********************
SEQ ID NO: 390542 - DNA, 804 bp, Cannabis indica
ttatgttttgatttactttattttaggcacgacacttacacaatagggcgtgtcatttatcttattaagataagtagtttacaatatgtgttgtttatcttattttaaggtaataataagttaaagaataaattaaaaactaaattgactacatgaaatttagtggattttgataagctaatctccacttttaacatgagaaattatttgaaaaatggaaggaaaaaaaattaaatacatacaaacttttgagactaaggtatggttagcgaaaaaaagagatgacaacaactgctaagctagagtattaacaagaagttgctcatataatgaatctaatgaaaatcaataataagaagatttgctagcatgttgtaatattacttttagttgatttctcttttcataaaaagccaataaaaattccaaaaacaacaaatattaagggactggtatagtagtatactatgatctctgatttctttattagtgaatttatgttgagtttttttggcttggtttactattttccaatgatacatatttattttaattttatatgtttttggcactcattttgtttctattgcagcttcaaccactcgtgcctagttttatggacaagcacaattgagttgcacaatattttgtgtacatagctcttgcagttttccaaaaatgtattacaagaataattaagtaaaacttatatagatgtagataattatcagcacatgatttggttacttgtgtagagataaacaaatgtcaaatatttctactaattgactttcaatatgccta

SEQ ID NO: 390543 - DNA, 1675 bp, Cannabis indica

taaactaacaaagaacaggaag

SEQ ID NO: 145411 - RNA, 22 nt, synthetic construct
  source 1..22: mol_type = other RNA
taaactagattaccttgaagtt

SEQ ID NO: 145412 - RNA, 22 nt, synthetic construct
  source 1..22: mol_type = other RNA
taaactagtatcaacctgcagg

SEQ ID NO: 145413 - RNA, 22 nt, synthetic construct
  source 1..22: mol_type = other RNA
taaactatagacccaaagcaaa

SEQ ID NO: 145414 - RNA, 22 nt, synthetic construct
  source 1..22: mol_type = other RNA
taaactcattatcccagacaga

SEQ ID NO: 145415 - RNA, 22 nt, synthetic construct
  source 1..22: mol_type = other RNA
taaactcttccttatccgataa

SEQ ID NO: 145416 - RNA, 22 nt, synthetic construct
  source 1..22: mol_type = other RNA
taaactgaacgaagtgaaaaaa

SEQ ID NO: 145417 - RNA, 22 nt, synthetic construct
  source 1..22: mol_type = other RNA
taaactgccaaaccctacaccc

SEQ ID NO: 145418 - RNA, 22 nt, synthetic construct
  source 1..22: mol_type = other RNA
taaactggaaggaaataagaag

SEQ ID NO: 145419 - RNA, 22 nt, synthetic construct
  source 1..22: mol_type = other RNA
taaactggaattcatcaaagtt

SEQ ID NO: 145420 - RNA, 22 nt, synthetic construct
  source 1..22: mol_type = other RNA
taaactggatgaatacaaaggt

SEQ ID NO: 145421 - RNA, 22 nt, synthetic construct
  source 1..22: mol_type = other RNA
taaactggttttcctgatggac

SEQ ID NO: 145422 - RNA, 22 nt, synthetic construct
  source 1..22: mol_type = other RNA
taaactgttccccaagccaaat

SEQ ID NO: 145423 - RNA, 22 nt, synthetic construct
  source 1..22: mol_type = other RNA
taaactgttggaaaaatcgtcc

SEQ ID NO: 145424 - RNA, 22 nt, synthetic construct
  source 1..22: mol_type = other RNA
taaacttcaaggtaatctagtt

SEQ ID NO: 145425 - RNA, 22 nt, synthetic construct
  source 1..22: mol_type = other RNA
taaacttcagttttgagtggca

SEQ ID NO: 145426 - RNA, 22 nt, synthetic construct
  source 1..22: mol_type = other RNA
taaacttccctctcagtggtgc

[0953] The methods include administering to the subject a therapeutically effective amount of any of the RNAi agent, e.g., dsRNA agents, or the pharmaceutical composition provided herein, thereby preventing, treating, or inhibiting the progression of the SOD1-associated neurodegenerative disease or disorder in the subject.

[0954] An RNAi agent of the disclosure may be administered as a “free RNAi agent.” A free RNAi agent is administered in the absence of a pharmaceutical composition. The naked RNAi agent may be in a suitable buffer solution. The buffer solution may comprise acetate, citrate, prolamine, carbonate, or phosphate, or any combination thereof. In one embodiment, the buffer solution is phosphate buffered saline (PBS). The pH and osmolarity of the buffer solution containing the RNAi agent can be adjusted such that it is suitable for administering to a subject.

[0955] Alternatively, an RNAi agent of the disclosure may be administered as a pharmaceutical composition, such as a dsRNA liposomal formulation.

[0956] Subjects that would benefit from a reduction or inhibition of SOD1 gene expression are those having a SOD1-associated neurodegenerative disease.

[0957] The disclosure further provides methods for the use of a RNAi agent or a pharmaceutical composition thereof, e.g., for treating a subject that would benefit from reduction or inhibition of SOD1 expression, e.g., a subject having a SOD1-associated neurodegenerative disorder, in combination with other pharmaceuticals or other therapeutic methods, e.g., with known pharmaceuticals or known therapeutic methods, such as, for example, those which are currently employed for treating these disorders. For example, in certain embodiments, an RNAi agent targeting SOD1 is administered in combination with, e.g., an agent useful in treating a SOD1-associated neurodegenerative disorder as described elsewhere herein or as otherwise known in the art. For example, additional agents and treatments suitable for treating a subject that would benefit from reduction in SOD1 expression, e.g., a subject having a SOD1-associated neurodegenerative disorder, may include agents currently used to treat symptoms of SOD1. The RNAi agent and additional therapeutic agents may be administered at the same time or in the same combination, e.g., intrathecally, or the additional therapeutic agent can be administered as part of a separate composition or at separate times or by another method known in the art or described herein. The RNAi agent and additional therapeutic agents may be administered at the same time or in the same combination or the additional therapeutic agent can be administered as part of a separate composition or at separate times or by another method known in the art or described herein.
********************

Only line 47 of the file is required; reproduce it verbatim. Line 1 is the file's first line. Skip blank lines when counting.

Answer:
SEQ ID NO: 145425 - RNA, 22 nt, synthetic construct